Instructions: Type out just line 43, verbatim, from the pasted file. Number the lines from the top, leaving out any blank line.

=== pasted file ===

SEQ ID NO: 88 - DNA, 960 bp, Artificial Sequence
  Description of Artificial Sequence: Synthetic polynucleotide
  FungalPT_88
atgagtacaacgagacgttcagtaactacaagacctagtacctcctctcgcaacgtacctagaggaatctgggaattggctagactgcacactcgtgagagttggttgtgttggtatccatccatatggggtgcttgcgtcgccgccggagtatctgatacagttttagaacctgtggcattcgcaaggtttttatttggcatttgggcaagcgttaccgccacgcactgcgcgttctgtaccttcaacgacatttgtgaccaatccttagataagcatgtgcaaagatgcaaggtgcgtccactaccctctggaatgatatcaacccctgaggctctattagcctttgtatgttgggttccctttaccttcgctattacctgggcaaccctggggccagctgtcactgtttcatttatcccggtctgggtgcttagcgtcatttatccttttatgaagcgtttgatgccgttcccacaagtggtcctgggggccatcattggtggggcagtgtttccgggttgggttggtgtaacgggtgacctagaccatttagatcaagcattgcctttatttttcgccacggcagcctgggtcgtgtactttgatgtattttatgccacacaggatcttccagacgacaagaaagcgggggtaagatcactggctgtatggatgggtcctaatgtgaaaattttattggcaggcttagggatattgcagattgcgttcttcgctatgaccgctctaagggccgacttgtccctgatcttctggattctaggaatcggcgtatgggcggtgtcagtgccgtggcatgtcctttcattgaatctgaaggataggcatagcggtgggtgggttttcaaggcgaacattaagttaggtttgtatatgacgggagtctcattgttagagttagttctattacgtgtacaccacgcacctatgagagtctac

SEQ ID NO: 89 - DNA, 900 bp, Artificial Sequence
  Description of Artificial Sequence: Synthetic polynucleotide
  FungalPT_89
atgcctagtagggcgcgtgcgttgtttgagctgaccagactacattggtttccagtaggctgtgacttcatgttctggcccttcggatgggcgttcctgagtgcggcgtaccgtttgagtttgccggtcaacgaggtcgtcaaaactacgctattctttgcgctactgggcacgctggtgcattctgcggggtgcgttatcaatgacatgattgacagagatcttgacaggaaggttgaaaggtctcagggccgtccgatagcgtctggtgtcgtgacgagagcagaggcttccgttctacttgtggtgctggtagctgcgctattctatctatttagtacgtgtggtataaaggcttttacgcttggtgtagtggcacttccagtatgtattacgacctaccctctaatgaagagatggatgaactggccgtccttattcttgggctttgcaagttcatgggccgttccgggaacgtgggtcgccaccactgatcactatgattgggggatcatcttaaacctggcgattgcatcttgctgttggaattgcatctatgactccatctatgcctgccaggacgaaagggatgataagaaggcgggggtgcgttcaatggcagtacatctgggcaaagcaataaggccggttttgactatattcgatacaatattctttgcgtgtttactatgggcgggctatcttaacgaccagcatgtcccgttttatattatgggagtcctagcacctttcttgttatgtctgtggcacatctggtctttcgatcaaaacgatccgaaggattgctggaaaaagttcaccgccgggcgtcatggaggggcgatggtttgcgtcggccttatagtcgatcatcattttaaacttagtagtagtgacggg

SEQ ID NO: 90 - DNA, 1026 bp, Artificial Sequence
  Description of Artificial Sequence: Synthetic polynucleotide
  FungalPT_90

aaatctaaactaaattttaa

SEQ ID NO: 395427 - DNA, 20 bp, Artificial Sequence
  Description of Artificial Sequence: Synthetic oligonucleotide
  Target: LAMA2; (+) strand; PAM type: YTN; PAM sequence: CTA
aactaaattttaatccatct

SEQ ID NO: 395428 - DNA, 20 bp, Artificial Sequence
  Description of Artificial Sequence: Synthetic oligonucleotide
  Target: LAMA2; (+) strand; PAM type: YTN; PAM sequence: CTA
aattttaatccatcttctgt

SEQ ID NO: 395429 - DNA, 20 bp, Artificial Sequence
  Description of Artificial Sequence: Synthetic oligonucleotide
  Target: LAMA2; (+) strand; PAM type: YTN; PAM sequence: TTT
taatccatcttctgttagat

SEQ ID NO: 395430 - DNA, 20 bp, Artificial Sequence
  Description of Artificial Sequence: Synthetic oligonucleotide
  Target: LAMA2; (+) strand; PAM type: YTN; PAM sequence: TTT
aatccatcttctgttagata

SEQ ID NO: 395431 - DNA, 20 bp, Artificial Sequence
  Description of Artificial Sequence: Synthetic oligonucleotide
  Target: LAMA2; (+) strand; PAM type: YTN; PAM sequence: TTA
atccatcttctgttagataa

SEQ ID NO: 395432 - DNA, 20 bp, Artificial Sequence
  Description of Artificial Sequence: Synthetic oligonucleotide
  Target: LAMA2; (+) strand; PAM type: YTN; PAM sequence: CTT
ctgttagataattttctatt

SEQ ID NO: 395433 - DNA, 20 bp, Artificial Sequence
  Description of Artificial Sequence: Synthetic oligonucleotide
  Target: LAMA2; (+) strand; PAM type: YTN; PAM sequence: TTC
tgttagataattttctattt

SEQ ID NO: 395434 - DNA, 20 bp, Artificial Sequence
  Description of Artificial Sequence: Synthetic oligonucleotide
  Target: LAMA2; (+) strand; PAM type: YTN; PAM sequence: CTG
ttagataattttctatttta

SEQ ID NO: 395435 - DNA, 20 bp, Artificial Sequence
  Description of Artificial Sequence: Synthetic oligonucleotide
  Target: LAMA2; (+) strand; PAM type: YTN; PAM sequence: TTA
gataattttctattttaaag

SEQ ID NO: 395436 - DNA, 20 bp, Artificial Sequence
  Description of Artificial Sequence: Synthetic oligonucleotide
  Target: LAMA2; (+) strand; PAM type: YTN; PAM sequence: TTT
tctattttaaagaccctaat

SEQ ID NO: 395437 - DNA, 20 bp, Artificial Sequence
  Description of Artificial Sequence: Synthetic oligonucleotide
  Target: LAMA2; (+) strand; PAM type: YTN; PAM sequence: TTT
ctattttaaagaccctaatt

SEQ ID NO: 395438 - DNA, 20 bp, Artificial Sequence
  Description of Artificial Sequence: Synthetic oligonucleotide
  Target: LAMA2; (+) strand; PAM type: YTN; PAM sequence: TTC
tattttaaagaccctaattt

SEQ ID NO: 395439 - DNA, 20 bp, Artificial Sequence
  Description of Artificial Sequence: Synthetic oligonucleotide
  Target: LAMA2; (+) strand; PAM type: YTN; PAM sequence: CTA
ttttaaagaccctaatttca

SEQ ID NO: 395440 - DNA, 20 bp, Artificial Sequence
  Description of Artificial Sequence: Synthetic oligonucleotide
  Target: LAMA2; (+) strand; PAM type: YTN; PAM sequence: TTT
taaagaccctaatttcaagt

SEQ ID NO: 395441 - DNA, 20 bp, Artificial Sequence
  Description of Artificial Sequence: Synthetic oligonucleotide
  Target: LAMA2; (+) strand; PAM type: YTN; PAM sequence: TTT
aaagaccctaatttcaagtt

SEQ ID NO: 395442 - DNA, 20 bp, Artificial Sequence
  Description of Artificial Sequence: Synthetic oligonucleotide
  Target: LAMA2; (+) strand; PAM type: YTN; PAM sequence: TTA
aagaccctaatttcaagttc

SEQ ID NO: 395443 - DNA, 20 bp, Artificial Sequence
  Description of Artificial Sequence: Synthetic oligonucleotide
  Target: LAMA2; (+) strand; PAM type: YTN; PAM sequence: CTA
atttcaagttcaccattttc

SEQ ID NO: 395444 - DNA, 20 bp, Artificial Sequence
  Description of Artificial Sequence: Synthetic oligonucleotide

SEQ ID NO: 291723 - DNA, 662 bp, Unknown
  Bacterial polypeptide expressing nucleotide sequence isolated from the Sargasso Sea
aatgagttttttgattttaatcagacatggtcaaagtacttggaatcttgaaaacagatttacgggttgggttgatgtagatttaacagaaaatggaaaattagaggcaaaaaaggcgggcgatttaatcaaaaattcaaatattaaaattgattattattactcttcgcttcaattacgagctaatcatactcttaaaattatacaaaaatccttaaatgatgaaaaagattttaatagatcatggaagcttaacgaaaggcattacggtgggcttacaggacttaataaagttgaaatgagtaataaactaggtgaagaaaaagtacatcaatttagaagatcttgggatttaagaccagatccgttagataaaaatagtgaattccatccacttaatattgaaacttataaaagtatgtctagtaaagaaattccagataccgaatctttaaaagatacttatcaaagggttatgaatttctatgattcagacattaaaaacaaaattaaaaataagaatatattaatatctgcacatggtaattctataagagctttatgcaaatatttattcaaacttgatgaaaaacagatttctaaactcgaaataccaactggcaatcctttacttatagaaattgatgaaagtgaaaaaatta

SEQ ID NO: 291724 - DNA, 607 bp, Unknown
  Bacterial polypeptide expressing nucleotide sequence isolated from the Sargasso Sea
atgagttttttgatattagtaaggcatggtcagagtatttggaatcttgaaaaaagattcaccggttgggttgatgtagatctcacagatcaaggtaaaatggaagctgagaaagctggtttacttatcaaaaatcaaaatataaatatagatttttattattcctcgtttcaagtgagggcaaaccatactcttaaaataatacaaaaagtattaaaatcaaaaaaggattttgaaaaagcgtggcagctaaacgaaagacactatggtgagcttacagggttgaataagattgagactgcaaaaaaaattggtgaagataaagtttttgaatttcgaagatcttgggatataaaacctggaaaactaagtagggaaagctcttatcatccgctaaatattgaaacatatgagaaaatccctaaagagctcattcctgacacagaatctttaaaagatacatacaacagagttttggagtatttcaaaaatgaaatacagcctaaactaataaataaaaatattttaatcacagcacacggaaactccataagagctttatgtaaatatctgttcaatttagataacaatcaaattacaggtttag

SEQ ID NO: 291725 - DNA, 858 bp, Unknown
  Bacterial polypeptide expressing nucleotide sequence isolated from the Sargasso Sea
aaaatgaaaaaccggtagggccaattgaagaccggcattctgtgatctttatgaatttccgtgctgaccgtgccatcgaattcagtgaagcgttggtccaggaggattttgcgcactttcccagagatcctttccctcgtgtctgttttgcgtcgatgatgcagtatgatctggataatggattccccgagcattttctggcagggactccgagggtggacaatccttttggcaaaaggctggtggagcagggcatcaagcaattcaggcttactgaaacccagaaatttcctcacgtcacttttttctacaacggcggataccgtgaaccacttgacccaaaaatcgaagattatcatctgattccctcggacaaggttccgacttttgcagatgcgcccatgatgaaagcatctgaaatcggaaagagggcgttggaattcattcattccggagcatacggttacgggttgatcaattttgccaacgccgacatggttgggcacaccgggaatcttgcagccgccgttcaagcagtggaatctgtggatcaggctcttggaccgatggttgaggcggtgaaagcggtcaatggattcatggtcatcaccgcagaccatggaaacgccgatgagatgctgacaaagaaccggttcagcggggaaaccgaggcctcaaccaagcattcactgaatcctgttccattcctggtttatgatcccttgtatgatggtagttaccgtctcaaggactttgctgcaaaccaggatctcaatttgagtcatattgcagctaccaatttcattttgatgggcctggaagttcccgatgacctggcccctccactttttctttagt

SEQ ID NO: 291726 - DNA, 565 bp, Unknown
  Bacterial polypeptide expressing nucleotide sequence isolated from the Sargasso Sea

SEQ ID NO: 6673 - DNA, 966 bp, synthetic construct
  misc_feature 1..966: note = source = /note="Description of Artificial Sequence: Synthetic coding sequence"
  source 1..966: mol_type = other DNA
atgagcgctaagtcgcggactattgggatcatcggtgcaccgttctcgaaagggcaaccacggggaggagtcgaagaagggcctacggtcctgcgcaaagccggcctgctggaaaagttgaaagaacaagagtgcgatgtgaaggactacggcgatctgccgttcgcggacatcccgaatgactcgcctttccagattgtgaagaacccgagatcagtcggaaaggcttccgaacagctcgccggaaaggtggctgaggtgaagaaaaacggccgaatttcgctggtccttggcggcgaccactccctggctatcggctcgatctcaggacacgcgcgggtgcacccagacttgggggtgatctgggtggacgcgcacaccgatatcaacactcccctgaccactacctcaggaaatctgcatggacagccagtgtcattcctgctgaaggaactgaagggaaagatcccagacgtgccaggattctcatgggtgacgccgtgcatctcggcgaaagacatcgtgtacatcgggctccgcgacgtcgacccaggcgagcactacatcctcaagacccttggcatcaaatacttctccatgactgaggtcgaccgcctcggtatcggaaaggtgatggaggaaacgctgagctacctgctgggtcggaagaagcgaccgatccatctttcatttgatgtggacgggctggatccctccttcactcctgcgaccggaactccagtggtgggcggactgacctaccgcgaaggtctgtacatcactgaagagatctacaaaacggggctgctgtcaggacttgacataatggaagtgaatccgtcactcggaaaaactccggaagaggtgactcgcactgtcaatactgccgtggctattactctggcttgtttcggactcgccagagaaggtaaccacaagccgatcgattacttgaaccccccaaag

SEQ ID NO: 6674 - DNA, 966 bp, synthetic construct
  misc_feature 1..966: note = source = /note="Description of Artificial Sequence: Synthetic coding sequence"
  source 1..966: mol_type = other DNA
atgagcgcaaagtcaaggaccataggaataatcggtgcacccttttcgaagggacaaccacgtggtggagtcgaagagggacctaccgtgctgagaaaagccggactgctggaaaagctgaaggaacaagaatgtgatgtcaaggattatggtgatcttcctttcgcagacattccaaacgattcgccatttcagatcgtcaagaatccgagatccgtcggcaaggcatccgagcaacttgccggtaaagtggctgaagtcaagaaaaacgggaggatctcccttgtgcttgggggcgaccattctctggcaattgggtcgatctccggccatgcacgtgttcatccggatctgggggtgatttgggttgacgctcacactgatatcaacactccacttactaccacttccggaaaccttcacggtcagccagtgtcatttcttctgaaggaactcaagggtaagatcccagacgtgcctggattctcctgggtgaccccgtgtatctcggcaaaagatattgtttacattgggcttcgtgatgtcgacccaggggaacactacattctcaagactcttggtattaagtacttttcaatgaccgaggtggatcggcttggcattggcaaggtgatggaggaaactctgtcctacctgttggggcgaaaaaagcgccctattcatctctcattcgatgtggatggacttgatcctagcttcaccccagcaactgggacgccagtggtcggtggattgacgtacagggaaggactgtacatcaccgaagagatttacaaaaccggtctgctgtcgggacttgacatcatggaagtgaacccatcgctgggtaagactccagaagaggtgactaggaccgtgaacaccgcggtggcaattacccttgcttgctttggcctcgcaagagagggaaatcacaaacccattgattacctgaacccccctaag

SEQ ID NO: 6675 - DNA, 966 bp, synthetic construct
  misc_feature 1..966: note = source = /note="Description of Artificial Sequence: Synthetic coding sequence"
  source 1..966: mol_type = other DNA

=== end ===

  Target: LAMA2; (+) strand; PAM type: YTN; PAM sequence: CTG